Vidushi: You mainly deal with issues of Entertainment, Media and Intellectual Property, what would you advise to those who intend to pursue a career in these fields?

Nitika Nagar: I would say go for it and design your own path! It’s a great time to be in a dynamic and ever-growing industry. With the advent of new media, the growth of the media business is going to exponential. What’s best is that there is a dearth of good entertainment lawyers in the space. Contrary to popular belief, branching out and specializing in a niche area at an early stage is a great option. After all, it’s important to do what you love and love what you do!

Vidushi: There are always certain areas in each domain that are underdeveloped. Please tell us such niche areas in Intellectual Property Laws which you think are yet to evolve & which might offer opportunities in coming years

Nitika Nagar: I have worked in the entertainment industry more and I must say that media laws are still evolving, especially areas pertaining to music, censorship, new media and to some extent – sports and broadcasting. It is going to be exciting to see how these fields develop and the legal frameworks which will be drawn up to protect talent and expression across the spectrum.

Vidushi: COVID opens a new flank in the IP vs public health stand-off. It has made governments realize that IP could impede their access to medicines, vaccines, tech, or reagents. What are your views on the same?

Nitika Nagar: There is currently an ongoing dilemma on how public health and patent rights can be balanced in such unprecedented times. For instance, Compulsory Licensing (CL) is a tool enabling the government to ensure that a patented medical invention (in most common cases, a drug) is manufactured and made available to the public at lower costs, without seeking a license from the patentee. What’s risky is the fact that such desperate times often call for relaxation on patent rights, resulting in generic manufacturing of drugs which in turn results in an economic blow to individual patent holders who often have to settle for unfavourable and commercially not so viable terms. Given the current trend of “voluntary licensing” (initiated very recently by Gilead Lifesciences allowing their drug “Remdesivir”  to be manufactured across 127 countries to battle the ongoing COVID-19 pandemic), companies and individuals can protect their inventions from being compulsorily licensed and can also protect themselves from claims of misusing the situation to make a profit, since the invention can be made available on a royalty-free basis till the pandemic ends. It would be interesting to see whether the concept would flourish more in India, especially within the medical space.

Vidushi: Could you please share your views on COVID-19 and its impact on businesses and what will be the ramifications on legal transactions and proceedings?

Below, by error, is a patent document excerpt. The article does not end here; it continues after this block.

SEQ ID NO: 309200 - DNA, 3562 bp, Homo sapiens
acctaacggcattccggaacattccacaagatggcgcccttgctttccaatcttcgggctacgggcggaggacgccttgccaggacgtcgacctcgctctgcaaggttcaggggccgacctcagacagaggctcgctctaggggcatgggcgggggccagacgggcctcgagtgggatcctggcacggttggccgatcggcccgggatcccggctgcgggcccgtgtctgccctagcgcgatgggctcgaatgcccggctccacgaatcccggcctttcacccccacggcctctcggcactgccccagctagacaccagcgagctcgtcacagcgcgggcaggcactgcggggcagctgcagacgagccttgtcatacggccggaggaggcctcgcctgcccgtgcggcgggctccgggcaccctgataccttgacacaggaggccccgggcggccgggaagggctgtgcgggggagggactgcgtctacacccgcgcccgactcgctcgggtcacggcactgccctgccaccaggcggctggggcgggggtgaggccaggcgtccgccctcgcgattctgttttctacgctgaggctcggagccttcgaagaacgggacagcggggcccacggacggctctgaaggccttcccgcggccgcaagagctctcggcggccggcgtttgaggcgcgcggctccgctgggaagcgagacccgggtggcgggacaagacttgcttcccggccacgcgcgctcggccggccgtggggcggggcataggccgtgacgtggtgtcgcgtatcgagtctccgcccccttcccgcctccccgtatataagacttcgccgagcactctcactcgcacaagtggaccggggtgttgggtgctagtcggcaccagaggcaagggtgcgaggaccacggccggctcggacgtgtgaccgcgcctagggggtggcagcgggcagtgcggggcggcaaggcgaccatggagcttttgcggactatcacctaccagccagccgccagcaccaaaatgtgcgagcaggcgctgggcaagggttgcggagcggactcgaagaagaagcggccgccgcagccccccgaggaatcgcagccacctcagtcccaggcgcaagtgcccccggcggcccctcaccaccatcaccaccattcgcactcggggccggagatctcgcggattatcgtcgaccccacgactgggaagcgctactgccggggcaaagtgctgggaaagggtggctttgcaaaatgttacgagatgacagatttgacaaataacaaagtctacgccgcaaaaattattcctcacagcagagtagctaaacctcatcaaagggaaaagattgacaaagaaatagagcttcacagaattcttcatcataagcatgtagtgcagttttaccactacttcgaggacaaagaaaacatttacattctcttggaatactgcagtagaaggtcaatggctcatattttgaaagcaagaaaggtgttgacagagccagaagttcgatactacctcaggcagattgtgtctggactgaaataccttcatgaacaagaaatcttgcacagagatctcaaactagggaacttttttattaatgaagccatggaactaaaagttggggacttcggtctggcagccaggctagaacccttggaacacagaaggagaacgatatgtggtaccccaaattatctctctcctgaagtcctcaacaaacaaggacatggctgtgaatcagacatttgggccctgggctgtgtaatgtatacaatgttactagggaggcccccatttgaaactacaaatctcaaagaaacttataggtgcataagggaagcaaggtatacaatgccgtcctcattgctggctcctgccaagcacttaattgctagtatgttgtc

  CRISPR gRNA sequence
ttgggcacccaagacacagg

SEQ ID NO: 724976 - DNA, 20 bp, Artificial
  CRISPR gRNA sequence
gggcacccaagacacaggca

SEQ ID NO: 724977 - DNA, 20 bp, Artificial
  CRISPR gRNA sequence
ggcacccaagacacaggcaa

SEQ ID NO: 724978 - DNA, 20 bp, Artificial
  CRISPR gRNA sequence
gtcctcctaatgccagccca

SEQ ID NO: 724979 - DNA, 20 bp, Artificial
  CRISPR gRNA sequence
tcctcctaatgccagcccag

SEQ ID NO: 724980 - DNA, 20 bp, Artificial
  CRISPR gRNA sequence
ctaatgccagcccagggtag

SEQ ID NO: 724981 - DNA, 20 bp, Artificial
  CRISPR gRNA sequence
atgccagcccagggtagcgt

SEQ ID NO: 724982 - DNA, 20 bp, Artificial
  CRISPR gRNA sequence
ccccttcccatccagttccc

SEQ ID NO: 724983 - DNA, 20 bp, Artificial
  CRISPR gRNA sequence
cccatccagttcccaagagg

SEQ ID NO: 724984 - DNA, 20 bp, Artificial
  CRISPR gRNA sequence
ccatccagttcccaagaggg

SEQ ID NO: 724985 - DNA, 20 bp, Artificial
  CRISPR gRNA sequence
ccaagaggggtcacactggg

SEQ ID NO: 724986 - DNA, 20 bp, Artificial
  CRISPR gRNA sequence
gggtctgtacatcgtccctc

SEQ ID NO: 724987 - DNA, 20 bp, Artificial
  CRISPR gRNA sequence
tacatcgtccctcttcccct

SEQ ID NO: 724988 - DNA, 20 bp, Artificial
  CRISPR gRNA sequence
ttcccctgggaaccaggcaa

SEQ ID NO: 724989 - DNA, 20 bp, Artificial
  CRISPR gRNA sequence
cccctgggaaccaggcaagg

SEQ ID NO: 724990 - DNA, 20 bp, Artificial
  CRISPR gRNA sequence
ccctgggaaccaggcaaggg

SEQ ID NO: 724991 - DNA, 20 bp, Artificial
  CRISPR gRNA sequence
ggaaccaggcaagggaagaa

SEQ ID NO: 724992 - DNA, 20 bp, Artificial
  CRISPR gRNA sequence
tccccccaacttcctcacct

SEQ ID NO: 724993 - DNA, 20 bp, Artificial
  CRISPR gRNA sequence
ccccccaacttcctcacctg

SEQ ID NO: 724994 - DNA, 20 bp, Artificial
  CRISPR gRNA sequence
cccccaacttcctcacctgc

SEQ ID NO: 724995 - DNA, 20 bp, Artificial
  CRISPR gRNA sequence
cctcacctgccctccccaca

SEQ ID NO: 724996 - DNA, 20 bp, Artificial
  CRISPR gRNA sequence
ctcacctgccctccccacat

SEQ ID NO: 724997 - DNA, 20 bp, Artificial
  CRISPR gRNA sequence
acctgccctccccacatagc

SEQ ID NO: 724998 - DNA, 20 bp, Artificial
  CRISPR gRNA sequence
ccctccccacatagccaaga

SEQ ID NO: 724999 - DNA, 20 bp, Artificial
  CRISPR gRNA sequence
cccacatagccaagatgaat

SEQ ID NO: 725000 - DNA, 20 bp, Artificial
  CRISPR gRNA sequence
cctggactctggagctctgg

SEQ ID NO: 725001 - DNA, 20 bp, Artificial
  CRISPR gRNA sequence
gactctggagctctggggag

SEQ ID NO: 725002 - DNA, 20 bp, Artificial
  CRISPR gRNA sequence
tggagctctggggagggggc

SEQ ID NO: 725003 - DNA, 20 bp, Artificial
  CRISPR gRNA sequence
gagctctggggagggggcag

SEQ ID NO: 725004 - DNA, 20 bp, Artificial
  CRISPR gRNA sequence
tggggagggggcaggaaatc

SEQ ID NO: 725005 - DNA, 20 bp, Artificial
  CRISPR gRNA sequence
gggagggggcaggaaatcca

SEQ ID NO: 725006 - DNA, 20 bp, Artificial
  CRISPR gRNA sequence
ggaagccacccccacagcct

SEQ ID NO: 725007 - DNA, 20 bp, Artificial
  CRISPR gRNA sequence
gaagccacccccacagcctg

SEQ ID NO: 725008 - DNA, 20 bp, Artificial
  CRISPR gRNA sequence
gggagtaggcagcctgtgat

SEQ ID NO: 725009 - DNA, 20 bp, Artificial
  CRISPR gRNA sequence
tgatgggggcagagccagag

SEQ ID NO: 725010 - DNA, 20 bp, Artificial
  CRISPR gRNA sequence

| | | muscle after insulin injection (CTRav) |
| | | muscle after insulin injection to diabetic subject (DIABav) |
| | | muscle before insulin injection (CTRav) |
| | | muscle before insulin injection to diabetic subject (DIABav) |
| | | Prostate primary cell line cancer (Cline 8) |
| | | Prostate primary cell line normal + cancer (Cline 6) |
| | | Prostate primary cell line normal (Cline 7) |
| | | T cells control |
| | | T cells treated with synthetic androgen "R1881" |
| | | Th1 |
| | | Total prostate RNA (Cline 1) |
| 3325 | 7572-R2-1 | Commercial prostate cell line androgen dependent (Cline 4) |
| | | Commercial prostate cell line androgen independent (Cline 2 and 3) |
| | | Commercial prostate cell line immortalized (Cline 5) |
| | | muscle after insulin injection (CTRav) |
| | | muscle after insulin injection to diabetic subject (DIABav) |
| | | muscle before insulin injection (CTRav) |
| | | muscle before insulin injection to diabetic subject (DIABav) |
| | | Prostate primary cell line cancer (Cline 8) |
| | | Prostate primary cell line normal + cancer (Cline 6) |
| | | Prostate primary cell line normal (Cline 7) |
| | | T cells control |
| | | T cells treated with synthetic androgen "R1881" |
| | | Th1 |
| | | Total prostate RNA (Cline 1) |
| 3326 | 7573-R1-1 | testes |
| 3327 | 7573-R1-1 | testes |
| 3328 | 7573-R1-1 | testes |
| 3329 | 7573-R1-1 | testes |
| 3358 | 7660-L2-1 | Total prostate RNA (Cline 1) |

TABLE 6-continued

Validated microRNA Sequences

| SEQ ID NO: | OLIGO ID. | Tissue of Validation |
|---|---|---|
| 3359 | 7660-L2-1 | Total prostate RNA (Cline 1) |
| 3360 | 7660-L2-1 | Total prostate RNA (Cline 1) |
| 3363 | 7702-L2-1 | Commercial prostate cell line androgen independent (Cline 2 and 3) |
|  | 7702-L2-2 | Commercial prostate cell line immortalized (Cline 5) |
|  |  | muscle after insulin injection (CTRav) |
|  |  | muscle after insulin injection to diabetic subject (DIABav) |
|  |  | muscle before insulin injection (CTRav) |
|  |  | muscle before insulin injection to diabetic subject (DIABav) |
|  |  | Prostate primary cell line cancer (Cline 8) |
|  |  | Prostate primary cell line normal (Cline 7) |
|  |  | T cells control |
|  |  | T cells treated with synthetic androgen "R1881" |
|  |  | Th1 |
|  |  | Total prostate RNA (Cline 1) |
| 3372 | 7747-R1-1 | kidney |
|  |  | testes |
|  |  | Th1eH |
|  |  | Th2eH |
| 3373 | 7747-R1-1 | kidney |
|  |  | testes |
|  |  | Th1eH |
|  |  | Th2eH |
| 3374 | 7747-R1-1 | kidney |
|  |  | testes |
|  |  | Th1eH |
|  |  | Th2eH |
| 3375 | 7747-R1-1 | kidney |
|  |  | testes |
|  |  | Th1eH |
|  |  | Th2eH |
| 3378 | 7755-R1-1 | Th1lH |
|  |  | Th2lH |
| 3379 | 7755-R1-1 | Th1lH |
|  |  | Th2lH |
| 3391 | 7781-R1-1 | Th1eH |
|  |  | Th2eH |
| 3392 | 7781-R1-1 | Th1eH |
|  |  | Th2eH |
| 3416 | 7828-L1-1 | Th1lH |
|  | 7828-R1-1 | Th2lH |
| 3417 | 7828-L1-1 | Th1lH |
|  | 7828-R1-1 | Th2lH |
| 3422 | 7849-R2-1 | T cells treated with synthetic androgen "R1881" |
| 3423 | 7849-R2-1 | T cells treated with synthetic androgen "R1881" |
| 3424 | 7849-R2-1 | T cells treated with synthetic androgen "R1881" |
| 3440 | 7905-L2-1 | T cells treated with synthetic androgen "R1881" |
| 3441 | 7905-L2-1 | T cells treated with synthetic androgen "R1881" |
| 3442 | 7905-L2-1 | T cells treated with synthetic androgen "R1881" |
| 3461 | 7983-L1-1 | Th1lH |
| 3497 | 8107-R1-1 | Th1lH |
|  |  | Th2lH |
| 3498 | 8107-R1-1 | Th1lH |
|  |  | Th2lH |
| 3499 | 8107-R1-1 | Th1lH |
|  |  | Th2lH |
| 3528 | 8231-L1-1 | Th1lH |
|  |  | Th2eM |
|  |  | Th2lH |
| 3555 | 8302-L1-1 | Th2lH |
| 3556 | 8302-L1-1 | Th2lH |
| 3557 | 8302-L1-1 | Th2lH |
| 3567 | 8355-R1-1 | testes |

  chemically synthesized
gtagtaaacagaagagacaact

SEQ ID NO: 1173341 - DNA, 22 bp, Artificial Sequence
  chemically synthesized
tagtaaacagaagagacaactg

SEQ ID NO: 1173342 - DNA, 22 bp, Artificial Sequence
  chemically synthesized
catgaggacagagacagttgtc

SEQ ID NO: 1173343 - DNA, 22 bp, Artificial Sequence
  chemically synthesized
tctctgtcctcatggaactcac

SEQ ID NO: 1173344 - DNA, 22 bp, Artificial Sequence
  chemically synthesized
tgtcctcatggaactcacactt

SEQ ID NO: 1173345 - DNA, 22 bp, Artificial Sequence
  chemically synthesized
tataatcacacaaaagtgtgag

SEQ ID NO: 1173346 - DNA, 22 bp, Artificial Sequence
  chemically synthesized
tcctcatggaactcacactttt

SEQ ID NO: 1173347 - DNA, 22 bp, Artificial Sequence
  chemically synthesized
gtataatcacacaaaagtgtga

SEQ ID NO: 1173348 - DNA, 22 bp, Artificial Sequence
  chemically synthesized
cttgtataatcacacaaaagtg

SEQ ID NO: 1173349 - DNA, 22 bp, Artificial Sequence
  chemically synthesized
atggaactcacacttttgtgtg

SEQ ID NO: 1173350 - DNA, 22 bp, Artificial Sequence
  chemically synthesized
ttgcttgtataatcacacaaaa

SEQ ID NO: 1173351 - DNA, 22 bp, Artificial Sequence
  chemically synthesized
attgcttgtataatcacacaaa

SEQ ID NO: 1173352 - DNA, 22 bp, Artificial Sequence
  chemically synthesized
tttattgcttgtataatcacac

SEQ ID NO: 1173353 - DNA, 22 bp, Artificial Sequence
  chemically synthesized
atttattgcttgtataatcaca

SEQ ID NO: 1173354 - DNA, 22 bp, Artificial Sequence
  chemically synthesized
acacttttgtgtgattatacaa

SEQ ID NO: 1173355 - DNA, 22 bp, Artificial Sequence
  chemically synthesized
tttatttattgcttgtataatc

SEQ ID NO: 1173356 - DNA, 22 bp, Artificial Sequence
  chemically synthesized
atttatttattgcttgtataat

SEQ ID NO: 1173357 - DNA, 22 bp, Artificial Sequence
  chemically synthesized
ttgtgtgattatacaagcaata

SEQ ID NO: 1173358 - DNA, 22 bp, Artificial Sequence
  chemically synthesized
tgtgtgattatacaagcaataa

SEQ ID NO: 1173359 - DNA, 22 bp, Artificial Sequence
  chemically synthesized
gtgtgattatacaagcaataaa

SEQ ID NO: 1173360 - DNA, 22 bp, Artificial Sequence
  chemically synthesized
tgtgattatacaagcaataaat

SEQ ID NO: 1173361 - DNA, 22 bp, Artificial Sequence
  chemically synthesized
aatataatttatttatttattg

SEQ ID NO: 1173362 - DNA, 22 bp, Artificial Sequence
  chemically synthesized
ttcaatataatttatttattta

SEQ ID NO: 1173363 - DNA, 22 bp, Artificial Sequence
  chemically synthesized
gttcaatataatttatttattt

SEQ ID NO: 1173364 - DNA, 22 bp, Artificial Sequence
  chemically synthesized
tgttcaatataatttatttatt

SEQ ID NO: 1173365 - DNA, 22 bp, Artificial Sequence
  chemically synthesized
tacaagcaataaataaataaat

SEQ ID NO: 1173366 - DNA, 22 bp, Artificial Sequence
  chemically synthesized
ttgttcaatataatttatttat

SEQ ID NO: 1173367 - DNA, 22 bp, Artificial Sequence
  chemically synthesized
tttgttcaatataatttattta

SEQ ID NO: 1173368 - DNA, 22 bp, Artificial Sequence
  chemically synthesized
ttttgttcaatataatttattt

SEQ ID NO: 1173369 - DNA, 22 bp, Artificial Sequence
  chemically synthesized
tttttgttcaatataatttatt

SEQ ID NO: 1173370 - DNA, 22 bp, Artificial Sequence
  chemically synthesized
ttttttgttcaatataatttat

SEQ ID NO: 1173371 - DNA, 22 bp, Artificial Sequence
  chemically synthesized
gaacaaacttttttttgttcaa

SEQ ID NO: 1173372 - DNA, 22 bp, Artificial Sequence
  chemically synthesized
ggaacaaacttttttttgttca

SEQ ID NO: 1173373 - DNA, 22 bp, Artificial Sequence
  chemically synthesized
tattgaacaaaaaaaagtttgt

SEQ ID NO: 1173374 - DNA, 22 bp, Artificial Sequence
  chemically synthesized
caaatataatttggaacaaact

Nitika Nagar: To begin with, I believe we would all agree that the COVID-19 pandemic has changed the way the world works- quite literally. While we all know that the economy is going to undergo a downward spiral with liquidity remaining tight, cost of borrowing jumping upwards despite the relaxations provided by the central government on interest rates and the fear and possibility of insolvency and bankruptcy cases rising in the recent future, I can’t help but think of the high percentage of the workforce that will be asked to or forced to quit. Hiring freezes have already become the norm and even if recruitments begin, as usual, the workforce will be engaged more on a temporary, contractual basis rather than on payroll. Work from home which is already the new normal will continue, which isn’t necessarily the more “productive option” given how companies have forgotten to draw the line when it comes to work hours, leading to increasing cases of burnouts among the existing workforce.

One good thing about the pandemic though is the immense growth of technology which has made transacting convenient. Thanks to Zoom, Cisco and likes, today our fraternity is able to plead via virtual courts and close transactions and negotiations through video conferencing. Nobody could have imagined the concept of virtual courtrooms and e-meetings in a usual scenario, but here we are now.

Vidushi: In this situation, where the world is hit by a Pandemic, the students have no choice but to sit back at home. Everything is getting online and the youths are ending up wasting a lot of time on technology. According to you, how can the students use this time of pandemic to improve their skills?

Nitika Nagar: I think this is the best time to read about laws, keep abreast about recent developments, publish articles and watch exciting webinars on topics one enjoys. While the pandemic has taken its toll on students in general, it’s important to remain as positive as possible and not succumb to negativity. As a global community, we are undergoing a tough phase, but one needs to realize that when we hit rock bottom we have nowhere to go but upwards. Eventually, the situation will normalize and there will be better prospects. Until then, it’s important to grasp and learn as much as possible and to hone one’s skills.

Recommend an Interview

Recommend an Interview here by filling up the recommendation form.

About the Author